One night all three of them were sitting together in the ruin, conversing on various subjects. It happened that Sultan Mahmúd, accompanied by two of his intimates, had left the palace to walk about in the moonlight. They passed through several streets and lanes till they came near the ruin, and, attracted by the voices, they discovered the travellers and asked them who they were. The two men of Kabúl replied: “We are benumbed by the crapula of the wine of helpless­ness and distress; we are veiled by the curtain of misery; we are riding the horse of poverty, and are roaming through the ups and downs of this world; and now our fate has guided us to this place, and we shall see how our affairs terminate.” The sultan asked: “What are your wishes?” They answered: “If we tell them, they will never be accomplished; so there is no use in relating them.” Quoth the sultan: “Since the inhabitants of this world are bound to aid each other, it is your duty to inform me of your desires, in order that the complicated knot of that affair may be disentangled by the help of some one's nail.” One of them replied: “I was one of the rich and the prosperous, and possessed great wealth. This world, which is inconstant like the hues of the chameleon, has ceased to be propitious to me; and the shame of poverty and the disgrace of my family have induced me to quit my country. If I were possessed of ten thousand dínars, I should consider the sum as a capital which might enable me to raise my head again and return to my country.” The other said: “I had a wife sitting veiled in the haram of compliance: the loveliness of the sun of her features surpassed the rose in beauty, and the moon was lessened in splendour by the rays of her cheeks. I loved her much, and could not live one moment without her. She died, and the fire of grief has burnt my liver, and thrown me into the most unhappy condition. Should his highness the sultan present me with a member of his haram, so that by the sun of her presence the mansion of my joy and happiness might become again illumined, I would gladly return to my country.” The third companion remained silent, and the sultan turning to him asked: “Do you not wish for anything?” He answered: “I have to do with God. I need neither a wife nor gold. I turn my face towards the vivifying treasury of God's mercy, by whom desires are granted, who knows the innermost recesses of our hearts, and what every one deserves: my wishes are all regulated by his good pleasure. If you are in the enjoyment of God's favour and are able from him to obtain your desires, pray to him for my sake that he may grant me the grace that I should not once draw my breath contrary to his goodwill.” The sultan said nothing, but arose and departed.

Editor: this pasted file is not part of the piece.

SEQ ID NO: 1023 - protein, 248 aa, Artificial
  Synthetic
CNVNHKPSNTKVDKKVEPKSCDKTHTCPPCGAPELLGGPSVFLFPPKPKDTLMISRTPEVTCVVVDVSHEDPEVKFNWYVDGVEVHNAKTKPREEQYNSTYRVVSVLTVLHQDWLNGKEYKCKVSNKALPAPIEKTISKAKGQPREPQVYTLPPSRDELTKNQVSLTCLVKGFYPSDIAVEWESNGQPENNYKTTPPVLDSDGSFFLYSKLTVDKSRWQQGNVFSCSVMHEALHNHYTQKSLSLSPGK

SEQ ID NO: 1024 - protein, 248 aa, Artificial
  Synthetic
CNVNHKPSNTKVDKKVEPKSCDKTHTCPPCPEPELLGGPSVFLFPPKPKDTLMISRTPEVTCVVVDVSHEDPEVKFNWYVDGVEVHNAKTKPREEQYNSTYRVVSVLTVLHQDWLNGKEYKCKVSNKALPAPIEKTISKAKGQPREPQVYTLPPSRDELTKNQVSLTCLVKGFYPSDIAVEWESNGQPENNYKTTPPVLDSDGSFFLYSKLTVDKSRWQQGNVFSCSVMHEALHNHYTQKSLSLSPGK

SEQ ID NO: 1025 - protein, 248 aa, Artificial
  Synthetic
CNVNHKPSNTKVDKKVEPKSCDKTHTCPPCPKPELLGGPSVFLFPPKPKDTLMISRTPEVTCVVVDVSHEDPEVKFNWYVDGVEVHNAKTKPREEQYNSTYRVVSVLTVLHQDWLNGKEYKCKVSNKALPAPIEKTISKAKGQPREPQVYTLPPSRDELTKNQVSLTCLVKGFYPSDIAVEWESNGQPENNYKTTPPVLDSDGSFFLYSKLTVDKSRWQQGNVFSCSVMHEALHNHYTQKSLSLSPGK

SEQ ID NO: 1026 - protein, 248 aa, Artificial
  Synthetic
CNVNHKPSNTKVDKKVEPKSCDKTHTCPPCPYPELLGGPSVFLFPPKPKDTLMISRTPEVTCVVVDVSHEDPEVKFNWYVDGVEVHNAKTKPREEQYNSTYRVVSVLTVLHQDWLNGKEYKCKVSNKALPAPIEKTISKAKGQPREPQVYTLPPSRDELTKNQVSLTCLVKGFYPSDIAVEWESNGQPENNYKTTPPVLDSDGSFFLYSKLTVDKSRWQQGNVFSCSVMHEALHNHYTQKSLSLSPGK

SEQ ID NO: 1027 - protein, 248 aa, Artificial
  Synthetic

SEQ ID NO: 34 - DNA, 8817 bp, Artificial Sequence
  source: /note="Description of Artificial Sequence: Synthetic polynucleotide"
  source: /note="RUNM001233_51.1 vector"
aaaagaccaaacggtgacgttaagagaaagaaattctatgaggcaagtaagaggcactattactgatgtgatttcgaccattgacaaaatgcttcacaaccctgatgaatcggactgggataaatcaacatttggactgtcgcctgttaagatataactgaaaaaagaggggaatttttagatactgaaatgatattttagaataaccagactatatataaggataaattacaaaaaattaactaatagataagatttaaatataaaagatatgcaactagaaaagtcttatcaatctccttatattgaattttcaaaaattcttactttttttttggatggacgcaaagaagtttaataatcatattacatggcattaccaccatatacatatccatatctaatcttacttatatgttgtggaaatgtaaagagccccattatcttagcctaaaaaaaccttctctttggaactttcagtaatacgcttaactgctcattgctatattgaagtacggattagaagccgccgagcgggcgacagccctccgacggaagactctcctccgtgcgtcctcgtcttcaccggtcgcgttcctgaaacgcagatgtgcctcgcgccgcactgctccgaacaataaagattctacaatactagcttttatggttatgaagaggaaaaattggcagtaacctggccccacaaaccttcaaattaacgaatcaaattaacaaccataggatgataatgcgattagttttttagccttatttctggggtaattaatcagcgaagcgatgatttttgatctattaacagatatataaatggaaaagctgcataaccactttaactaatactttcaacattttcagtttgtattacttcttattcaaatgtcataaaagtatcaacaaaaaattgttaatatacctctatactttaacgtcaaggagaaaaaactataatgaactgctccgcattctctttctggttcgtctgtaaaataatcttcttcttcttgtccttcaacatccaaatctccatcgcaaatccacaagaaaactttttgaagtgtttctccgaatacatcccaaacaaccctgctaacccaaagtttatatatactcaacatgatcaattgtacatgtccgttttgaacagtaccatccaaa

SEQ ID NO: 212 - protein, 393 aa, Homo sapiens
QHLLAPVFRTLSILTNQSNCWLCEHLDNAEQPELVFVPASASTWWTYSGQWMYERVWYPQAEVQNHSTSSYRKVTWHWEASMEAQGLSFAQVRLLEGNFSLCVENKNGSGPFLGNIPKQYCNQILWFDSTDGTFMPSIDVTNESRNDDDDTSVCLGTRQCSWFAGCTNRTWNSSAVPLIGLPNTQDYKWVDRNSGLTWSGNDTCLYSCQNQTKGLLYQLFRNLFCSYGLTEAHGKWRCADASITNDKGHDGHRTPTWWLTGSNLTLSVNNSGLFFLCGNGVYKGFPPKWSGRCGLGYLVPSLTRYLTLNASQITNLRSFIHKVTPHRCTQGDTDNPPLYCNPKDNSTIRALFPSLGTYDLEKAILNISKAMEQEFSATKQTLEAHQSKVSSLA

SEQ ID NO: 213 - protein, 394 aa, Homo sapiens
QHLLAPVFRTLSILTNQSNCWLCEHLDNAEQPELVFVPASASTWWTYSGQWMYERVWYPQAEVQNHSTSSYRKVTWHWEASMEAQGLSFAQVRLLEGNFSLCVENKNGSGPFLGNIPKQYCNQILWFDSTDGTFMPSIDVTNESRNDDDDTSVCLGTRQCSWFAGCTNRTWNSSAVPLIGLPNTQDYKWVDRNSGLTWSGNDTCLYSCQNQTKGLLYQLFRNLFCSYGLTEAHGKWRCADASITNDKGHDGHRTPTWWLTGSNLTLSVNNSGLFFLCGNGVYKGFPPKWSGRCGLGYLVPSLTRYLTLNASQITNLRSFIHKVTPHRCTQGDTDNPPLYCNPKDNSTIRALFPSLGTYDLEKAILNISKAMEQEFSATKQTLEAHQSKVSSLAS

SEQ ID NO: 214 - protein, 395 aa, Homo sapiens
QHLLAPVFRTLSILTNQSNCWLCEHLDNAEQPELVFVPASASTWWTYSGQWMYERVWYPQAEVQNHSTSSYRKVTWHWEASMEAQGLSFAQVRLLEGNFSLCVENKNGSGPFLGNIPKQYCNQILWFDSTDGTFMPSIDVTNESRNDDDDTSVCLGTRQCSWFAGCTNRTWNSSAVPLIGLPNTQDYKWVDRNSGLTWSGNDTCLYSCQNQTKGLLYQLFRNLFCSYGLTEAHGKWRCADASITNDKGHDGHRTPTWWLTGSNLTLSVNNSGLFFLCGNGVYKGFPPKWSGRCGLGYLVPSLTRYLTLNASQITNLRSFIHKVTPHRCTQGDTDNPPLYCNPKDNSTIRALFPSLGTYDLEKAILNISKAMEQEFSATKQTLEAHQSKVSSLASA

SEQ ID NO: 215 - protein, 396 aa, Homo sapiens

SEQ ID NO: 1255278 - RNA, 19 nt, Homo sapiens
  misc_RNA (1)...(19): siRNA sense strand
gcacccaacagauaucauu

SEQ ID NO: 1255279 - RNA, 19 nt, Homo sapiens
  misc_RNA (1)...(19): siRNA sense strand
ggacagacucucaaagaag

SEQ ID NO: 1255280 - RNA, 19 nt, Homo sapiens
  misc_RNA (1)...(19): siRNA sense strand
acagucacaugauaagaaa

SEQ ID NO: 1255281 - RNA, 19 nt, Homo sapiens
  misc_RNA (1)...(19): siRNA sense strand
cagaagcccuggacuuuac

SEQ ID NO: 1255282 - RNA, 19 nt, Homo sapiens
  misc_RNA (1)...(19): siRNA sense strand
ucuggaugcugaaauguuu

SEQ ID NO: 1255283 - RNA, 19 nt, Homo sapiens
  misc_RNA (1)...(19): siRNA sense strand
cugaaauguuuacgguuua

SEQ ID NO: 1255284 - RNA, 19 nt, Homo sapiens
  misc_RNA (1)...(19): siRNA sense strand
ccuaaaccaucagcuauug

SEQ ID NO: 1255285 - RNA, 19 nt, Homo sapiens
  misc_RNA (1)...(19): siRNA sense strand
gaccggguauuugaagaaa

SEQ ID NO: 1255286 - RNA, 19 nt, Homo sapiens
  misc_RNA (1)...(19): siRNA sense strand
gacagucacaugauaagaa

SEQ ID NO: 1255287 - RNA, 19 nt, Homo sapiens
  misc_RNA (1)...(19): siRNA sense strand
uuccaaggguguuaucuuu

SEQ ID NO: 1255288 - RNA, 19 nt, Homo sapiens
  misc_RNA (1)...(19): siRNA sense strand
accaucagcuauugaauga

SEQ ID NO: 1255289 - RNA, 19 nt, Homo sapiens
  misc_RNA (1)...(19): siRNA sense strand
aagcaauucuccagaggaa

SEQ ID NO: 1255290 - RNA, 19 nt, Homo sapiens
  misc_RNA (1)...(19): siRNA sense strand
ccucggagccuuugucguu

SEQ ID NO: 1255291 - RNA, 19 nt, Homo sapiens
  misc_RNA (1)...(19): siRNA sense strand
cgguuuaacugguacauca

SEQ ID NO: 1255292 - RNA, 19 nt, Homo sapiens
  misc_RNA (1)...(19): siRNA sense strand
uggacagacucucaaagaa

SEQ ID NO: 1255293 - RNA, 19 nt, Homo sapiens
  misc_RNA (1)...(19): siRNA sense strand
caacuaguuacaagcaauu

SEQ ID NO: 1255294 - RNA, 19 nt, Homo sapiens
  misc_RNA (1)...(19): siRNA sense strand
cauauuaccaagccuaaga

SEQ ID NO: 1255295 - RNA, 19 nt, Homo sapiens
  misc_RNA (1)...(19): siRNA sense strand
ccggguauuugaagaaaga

When the chamberlain of Destiny had opened the gates of life upon the inhabited earth, and the world-illuming king, the sun, had seated himself in the azure tent of the upper sky, the sultan ordered the three strangers that were in the ruin to be brought into his presence. When they perceived the sultan, they knew him to be the same man who had been with them the preceding night, and they were under the apprehension that he would be angry with them. The sultan called them forward, and inquired of each of them his wants, and the two men of Kabúl repeated what they had said on the previous evening. When the third stranger's turn came he said: